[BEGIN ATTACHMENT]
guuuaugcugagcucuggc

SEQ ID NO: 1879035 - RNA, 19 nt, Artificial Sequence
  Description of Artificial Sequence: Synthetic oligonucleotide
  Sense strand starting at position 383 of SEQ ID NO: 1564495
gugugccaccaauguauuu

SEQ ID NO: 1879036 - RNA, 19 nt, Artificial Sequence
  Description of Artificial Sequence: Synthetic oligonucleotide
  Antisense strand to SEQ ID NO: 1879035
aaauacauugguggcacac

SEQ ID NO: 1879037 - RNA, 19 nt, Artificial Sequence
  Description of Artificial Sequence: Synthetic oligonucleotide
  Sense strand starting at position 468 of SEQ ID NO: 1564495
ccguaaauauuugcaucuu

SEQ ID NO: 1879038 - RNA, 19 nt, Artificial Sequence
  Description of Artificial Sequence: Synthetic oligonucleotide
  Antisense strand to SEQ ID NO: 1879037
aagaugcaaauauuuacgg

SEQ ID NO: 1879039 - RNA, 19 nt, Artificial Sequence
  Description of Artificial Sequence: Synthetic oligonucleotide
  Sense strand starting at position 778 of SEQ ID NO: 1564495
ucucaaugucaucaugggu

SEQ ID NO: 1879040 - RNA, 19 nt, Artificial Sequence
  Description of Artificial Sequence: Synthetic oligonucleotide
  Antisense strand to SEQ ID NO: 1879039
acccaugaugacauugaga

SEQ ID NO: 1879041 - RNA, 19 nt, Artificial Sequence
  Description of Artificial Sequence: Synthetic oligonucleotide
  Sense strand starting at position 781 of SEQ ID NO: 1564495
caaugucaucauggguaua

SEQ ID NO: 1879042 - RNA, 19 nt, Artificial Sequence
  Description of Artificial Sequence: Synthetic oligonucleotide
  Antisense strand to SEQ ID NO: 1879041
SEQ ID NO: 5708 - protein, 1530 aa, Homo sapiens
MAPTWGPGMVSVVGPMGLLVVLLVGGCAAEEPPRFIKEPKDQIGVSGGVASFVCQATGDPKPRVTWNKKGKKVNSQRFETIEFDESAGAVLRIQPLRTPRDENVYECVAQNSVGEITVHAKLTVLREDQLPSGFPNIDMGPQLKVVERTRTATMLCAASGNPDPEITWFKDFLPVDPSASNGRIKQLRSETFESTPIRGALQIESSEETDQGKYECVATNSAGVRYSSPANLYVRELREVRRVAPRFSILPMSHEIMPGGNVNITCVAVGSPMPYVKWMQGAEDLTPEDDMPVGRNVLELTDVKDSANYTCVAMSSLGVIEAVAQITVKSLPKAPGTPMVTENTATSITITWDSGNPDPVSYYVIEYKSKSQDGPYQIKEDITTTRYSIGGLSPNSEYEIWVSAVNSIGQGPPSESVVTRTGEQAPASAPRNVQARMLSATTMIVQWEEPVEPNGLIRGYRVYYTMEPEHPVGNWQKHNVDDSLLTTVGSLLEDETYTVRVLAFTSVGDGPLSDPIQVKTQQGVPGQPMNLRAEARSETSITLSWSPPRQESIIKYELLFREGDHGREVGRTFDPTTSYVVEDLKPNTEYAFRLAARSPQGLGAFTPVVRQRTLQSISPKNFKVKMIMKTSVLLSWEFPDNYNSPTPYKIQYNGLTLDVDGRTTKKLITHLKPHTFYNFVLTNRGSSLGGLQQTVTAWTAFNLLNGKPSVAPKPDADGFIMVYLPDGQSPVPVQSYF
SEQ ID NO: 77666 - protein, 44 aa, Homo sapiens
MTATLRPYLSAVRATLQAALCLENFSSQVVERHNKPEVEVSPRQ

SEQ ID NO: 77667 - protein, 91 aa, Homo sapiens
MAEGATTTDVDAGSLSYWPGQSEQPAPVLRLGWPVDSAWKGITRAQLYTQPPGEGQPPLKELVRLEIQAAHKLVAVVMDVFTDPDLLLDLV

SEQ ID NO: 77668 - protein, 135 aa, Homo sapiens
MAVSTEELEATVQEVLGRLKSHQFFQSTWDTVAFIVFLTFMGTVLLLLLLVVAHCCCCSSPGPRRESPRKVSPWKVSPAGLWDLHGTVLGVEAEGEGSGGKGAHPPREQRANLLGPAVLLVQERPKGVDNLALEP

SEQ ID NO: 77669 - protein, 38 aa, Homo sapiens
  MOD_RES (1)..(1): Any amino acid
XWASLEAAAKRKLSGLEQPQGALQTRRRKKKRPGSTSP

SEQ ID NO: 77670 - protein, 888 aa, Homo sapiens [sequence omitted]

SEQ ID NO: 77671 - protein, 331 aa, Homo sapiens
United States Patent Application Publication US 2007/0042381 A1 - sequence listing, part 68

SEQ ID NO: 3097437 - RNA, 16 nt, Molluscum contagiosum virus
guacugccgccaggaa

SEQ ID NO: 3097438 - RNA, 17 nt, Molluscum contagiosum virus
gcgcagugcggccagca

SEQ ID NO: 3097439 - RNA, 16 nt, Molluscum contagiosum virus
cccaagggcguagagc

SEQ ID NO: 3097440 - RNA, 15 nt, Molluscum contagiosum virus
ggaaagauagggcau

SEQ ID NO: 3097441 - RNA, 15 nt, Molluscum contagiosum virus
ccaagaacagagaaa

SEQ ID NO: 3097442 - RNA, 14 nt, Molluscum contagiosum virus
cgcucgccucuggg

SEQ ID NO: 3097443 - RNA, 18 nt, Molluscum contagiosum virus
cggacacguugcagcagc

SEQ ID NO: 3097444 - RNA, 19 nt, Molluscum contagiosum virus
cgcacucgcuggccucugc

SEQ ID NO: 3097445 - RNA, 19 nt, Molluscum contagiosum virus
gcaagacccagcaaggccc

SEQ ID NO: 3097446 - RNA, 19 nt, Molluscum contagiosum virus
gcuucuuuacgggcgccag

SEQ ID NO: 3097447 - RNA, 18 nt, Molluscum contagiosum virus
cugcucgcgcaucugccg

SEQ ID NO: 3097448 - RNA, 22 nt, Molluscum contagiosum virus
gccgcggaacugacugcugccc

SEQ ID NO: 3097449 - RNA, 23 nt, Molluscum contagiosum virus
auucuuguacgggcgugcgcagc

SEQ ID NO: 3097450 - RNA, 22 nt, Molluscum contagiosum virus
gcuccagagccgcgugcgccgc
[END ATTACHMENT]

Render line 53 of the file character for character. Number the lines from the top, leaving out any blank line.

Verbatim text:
SEQ ID NO: 3097440 - RNA, 15 nt, Molluscum contagiosum virus